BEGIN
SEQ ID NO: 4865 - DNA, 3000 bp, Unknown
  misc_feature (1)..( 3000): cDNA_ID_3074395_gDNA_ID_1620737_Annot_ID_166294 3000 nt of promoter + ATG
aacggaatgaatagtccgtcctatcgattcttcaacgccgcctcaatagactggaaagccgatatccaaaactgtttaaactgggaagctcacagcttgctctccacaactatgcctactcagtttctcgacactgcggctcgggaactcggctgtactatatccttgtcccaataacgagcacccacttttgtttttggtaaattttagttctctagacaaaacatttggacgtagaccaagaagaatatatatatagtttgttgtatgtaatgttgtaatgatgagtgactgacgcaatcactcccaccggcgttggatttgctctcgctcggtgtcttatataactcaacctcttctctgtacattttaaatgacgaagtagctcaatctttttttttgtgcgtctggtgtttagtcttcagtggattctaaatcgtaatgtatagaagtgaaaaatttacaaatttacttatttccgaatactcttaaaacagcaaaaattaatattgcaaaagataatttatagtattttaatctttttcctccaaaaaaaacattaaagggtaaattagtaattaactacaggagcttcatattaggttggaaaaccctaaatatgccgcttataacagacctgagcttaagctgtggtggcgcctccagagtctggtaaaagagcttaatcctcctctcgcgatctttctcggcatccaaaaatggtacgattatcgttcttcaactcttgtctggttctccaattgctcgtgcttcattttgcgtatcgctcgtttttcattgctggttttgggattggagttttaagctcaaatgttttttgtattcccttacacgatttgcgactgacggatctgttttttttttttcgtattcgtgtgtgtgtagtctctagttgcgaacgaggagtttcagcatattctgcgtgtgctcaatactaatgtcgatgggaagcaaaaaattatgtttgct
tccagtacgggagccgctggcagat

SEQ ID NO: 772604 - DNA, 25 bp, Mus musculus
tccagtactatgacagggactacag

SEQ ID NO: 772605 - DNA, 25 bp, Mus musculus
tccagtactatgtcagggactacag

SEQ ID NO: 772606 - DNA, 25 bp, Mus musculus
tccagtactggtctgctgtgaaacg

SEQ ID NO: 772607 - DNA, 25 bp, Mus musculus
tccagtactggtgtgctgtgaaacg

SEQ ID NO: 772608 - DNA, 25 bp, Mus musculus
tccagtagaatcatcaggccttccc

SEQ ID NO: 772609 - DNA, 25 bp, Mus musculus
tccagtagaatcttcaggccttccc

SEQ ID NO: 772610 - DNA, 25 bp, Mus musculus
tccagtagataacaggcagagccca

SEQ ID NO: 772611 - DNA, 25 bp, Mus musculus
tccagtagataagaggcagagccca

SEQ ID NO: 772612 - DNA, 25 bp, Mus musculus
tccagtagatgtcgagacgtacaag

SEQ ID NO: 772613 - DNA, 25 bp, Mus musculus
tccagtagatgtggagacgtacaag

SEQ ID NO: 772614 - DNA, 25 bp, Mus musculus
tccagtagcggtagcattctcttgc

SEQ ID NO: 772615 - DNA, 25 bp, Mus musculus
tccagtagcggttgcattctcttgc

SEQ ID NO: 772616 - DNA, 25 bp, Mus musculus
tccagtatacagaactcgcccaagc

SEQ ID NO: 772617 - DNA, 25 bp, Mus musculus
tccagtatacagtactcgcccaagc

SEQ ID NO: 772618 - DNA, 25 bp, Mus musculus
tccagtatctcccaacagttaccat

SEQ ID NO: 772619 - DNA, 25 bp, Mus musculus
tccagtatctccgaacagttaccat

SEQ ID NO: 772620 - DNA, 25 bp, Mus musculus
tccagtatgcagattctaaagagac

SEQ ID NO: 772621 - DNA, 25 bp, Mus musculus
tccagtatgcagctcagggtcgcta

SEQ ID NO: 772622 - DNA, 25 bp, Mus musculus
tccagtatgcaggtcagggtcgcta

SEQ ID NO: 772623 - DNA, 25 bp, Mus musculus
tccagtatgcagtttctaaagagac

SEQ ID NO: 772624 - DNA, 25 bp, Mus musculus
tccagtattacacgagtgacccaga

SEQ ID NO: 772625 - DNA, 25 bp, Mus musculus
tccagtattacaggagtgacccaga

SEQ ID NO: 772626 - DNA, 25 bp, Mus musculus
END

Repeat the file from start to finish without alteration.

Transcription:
SEQ ID NO: 4865 - DNA, 3000 bp, Unknown
  misc_feature (1)..( 3000): cDNA_ID_3074395_gDNA_ID_1620737_Annot_ID_166294 3000 nt of promoter + ATG
aacggaatgaatagtccgtcctatcgattcttcaacgccgcctcaatagactggaaagccgatatccaaaactgtttaaactgggaagctcacagcttgctctccacaactatgcctactcagtttctcgacactgcggctcgggaactcggctgtactatatccttgtcccaataacgagcacccacttttgtttttggtaaattttagttctctagacaaaacatttggacgtagaccaagaagaatatatatatagtttgttgtatgtaatgttgtaatgatgagtgactgacgcaatcactcccaccggcgttggatttgctctcgctcggtgtcttatataactcaacctcttctctgtacattttaaatgacgaagtagctcaatctttttttttgtgcgtctggtgtttagtcttcagtggattctaaatcgtaatgtatagaagtgaaaaatttacaaatttacttatttccgaatactcttaaaacagcaaaaattaatattgcaaaagataatttatagtattttaatctttttcctccaaaaaaaacattaaagggtaaattagtaattaactacaggagcttcatattaggttggaaaaccctaaatatgccgcttataacagacctgagcttaagctgtggtggcgcctccagagtctggtaaaagagcttaatcctcctctcgcgatctttctcggcatccaaaaatggtacgattatcgttcttcaactcttgtctggttctccaattgctcgtgcttcattttgcgtatcgctcgtttttcattgctggttttgggattggagttttaagctcaaatgttttttgtattcccttacacgatttgcgactgacggatctgttttttttttttcgtattcgtgtgtgtgtagtctctagttgcgaacgaggagtttcagcatattctgcgtgtgctcaatactaatgtcgatgggaagcaaaaaattatgtttgct
tccagtacgggagccgctggcagat

SEQ ID NO: 772604 - DNA, 25 bp, Mus musculus
tccagtactatgacagggactacag

SEQ ID NO: 772605 - DNA, 25 bp, Mus musculus
tccagtactatgtcagggactacag

SEQ ID NO: 772606 - DNA, 25 bp, Mus musculus
tccagtactggtctgctgtgaaacg

SEQ ID NO: 772607 - DNA, 25 bp, Mus musculus
tccagtactggtgtgctgtgaaacg

SEQ ID NO: 772608 - DNA, 25 bp, Mus musculus
tccagtagaatcatcaggccttccc

SEQ ID NO: 772609 - DNA, 25 bp, Mus musculus
tccagtagaatcttcaggccttccc

SEQ ID NO: 772610 - DNA, 25 bp, Mus musculus
tccagtagataacaggcagagccca

SEQ ID NO: 772611 - DNA, 25 bp, Mus musculus
tccagtagataagaggcagagccca

SEQ ID NO: 772612 - DNA, 25 bp, Mus musculus
tccagtagatgtcgagacgtacaag

SEQ ID NO: 772613 - DNA, 25 bp, Mus musculus
tccagtagatgtggagacgtacaag

SEQ ID NO: 772614 - DNA, 25 bp, Mus musculus
tccagtagcggtagcattctcttgc

SEQ ID NO: 772615 - DNA, 25 bp, Mus musculus
tccagtagcggttgcattctcttgc

SEQ ID NO: 772616 - DNA, 25 bp, Mus musculus
tccagtatacagaactcgcccaagc

SEQ ID NO: 772617 - DNA, 25 bp, Mus musculus
tccagtatacagtactcgcccaagc

SEQ ID NO: 772618 - DNA, 25 bp, Mus musculus
tccagtatctcccaacagttaccat

SEQ ID NO: 772619 - DNA, 25 bp, Mus musculus
tccagtatctccgaacagttaccat

SEQ ID NO: 772620 - DNA, 25 bp, Mus musculus
tccagtatgcagattctaaagagac

SEQ ID NO: 772621 - DNA, 25 bp, Mus musculus
tccagtatgcagctcagggtcgcta

SEQ ID NO: 772622 - DNA, 25 bp, Mus musculus
tccagtatgcaggtcagggtcgcta

SEQ ID NO: 772623 - DNA, 25 bp, Mus musculus
tccagtatgcagtttctaaagagac

SEQ ID NO: 772624 - DNA, 25 bp, Mus musculus
tccagtattacacgagtgacccaga

SEQ ID NO: 772625 - DNA, 25 bp, Mus musculus
tccagtattacaggagtgacccaga

SEQ ID NO: 772626 - DNA, 25 bp, Mus musculus